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Lions Roar : July 2009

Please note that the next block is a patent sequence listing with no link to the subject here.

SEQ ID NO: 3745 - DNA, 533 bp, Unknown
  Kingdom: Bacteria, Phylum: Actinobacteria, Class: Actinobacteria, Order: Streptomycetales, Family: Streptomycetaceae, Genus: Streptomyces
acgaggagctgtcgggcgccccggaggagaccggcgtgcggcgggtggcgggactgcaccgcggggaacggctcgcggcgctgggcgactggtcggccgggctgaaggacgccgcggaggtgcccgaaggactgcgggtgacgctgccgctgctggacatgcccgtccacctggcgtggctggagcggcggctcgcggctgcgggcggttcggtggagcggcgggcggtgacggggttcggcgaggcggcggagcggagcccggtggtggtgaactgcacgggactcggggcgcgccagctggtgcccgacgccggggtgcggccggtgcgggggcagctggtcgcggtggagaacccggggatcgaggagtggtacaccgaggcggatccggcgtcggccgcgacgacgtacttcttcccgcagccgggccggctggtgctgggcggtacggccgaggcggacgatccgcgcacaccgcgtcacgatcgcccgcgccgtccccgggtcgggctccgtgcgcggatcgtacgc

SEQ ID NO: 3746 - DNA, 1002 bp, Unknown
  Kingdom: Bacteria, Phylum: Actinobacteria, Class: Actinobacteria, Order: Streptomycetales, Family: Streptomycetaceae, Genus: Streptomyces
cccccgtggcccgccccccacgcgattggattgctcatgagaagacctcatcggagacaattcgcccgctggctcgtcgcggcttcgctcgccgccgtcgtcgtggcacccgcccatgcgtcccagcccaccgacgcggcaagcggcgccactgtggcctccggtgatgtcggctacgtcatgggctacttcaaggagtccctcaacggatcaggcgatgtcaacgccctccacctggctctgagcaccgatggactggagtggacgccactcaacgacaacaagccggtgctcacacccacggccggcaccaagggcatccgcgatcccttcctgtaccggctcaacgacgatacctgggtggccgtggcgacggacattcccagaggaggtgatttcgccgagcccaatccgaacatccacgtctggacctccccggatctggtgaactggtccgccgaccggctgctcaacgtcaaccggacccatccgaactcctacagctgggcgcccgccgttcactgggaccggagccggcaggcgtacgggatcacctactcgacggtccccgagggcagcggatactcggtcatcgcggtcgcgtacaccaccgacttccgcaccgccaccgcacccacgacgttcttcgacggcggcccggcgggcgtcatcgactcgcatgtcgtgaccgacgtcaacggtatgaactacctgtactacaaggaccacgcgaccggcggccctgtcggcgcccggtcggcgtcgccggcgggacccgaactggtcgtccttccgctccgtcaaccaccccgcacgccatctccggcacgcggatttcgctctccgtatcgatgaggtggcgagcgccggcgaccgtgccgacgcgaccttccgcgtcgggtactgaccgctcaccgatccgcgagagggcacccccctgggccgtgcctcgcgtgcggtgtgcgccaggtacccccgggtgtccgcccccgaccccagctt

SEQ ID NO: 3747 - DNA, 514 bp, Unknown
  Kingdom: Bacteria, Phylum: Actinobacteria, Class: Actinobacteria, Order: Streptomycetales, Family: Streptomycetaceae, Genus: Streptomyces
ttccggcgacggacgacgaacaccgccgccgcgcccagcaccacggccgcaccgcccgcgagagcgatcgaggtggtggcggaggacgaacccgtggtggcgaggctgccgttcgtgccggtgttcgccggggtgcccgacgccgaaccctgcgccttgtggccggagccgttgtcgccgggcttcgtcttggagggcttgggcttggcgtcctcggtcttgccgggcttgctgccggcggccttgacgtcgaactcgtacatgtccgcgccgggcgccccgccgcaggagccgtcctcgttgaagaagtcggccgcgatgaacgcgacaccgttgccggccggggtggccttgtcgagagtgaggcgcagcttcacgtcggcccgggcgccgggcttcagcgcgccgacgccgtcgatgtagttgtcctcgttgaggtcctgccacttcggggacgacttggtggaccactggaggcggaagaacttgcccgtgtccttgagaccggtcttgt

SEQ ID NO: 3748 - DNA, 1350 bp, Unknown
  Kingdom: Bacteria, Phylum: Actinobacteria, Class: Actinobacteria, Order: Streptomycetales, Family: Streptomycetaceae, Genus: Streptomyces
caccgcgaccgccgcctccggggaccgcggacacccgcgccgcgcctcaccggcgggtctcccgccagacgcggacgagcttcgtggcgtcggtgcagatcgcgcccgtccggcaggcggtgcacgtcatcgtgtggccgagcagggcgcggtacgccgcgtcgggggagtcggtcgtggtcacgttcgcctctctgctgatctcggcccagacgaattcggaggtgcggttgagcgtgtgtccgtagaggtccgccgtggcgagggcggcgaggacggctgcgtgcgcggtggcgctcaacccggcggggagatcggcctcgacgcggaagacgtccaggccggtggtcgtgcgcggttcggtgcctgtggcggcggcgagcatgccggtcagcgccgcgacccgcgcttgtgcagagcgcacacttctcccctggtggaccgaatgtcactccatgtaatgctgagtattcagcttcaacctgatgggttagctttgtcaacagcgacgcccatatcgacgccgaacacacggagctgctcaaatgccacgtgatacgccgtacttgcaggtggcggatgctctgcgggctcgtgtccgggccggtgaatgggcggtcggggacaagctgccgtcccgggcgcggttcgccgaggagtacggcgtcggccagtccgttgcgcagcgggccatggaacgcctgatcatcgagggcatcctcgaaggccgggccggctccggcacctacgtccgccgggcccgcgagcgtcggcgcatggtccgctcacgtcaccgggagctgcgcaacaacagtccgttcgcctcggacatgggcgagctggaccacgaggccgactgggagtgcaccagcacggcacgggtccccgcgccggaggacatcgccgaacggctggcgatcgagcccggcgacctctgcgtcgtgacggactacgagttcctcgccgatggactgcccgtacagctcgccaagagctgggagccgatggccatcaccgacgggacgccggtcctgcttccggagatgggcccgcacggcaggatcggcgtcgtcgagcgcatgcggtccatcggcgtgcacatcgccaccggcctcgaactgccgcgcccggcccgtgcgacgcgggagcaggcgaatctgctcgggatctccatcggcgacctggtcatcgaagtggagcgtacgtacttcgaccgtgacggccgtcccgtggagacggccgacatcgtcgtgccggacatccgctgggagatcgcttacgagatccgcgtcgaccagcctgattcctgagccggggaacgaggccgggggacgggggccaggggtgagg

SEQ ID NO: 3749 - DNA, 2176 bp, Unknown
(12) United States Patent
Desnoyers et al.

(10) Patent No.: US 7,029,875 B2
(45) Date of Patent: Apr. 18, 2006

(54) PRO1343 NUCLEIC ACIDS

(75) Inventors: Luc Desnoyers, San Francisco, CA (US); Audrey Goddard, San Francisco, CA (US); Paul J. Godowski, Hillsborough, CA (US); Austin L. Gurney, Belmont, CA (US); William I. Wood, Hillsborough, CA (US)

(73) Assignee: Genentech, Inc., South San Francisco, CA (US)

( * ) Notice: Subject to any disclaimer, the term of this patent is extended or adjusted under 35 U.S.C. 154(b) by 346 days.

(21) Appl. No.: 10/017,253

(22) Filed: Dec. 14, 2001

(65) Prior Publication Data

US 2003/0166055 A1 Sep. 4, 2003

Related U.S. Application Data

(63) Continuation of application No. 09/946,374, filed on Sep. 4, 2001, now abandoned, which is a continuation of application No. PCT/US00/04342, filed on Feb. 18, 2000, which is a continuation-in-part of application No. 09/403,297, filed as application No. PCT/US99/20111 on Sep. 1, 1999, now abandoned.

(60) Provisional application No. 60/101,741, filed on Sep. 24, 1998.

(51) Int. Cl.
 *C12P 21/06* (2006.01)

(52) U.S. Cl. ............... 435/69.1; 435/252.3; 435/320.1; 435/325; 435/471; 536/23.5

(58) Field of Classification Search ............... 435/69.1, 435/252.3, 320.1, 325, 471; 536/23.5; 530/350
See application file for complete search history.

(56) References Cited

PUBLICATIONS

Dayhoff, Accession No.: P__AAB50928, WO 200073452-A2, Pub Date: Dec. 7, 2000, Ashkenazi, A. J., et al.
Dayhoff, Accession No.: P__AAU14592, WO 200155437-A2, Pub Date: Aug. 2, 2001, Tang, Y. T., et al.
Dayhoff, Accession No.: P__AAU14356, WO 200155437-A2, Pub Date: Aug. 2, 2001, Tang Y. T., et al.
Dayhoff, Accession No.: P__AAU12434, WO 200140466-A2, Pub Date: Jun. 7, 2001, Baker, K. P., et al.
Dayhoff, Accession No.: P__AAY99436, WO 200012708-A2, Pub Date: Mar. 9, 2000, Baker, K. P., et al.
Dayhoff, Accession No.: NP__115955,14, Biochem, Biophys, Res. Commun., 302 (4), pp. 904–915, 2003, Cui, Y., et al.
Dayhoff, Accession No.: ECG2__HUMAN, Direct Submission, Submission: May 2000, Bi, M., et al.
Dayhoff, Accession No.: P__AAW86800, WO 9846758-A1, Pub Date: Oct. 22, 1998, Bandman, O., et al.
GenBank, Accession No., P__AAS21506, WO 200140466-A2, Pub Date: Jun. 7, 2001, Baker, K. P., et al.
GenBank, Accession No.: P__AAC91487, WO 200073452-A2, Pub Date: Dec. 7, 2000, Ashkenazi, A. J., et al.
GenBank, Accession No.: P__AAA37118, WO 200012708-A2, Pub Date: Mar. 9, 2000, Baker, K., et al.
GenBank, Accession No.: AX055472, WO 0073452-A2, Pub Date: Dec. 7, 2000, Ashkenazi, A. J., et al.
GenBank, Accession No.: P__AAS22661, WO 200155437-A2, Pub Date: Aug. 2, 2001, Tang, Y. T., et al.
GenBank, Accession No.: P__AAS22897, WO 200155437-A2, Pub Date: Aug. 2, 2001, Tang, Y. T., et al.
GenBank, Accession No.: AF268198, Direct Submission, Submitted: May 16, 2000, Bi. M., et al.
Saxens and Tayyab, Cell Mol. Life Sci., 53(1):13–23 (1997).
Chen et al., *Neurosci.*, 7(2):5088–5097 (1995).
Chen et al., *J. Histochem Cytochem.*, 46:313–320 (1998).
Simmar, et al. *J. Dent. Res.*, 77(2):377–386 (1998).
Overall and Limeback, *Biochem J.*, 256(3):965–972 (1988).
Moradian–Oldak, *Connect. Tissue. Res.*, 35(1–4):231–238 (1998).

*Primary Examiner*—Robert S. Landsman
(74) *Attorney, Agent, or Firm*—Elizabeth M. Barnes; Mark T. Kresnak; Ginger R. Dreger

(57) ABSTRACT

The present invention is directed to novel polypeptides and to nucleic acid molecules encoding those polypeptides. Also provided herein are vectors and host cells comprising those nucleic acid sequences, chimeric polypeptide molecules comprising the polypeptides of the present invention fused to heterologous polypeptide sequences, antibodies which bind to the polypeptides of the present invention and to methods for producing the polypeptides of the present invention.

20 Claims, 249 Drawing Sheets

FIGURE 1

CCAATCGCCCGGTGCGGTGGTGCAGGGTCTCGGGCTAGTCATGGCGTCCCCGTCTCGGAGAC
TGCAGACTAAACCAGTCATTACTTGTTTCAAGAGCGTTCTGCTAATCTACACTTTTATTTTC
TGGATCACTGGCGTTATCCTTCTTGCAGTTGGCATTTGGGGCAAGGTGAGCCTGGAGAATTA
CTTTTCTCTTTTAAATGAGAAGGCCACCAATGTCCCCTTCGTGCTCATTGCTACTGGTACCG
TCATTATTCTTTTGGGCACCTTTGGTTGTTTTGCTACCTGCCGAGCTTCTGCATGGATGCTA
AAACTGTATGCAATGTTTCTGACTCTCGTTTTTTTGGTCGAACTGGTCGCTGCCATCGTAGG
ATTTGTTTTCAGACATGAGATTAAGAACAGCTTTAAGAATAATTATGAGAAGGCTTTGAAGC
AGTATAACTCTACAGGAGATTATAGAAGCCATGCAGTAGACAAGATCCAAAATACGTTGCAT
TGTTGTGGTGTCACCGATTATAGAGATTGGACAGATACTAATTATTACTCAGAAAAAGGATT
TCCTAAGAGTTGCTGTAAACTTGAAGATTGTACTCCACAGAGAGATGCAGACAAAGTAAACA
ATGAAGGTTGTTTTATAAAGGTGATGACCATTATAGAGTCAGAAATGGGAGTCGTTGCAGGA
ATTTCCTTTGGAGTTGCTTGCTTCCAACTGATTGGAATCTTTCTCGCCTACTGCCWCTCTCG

shamBhaLa sUn JULy 2009 11 That Guilty Feeling LAST YEAR I SPENT several winter months in Mex- ico, a country that tends to evoke pleasant thoughts of fiesta-hued swimsuits and slick coconut oil. I, how- ever, wasn’t living the Mexican dream. Rather, I was in a border town far from the sea and surprisingly cold. With no central heating, the only room in our house remotely warm enough for comfort was the bedroom. But I didn’t enjoy practicing hatha yoga there. My silly reason was that the bedroom was windowless and the concrete walls were the color of a pale, sad cantaloupe. My more practical reason was that it was crammed with suitcases, a keyboard, and a double bed. I could unroll my yoga mat on the free floor space, but only just. My yoga practice petered out. I need to practice, I told myself. I should at least do a few poses a day and I really ought to do more. Fingers wagged in my head. I knew the longer I went without practicing, the harder it would be to get back into it. Nonetheless, guilt failed to get me to the mat. Months passed. Then it was time to start work on last year’s annual yoga issue of the Sun and, finally, in those pages I found the inspiration to get me to a yoga class. That first one left me sore, of course, but by class three the poses began to feel natural again. Stretching up into the wheel, my back arching, I realized that there was never any call for guilt. Practice—whether of medita- tion or yoga or qigong—is not something we should do so we don’t feel bad about ourselves. Practice is something we do because it feeds and centers us. Self- criticism serves no purpose. I know I’m not the only person whose practice has ever gone into a slump. There are all sorts of Bud- dhists out there who haven’t meditated in a dog’s age, and all sorts of yogis who can’t remember the last time they did downward dog. So this year, I’m hoping those who’ve gotten derailed from their practice will find some inspiration in this, the 2009 edition of the Shambhala Sun’s yoga and Buddhism issue. There is, I think, lots in these pages that will inspire you. Shiva Rea, Rodney Yee, Richard Freeman, and Beryl Bender Birch share asanas that prepare you for seated meditation, but are also meditations in and of themselves. All four of these well-known yoga teachers are capable of contorting their bodies into advanced postures, but most of us will find the poses they’ve selected for “Yoga for Meditators” to be as ac- cessible as they are helpful. In the profile I did of yoga teacher Sarah Powers, she’ll inspire you to practice when she explains how yoga and meditation have made it possible for her to better understand herself. Powers’ practice is an innovative combination of yoga, insight meditation, and Chinese medicine. She says bringing her atten- tion to her body has made her more aware of her mind, and bringing her attention to her mind has made her more aware of her body. But, she warns, yoga and meditation aren’t easy—both are physically and mentally grueling. Hard, however, doesn’t mean bad. Just as easy doesn’t mean good. In “Taking Mindfulness to the Mat,” Frank Jude Boccio shows us the benefit of combining yoga prac- tice and Buddhist meditation, as he applies the four foundations of mindfulness to asana. He writes, “The Buddha instructed us to observe the breath, and grad- ually extend our awareness to include the whole body. He said the practitioner should be aware of the move- ments and positions of the body while standing, walk- ing, sitting, lying down, bending over, or stretching. He said nothing is excluded from mindfulness, that no aspect of our lived experience lies outside of practice.” So not even guilt is outside of practice, not even guilt about not practicing. If you feel guilty for not practicing, practice with that feeling. See the guilt as just another thought to recognize as a thought. Then simply let it go and come back to the breath. Come back to your practice. –ANDREA MILLER, ASSOCIATE EDITOR PHOTOBYLIZAMATTHEWS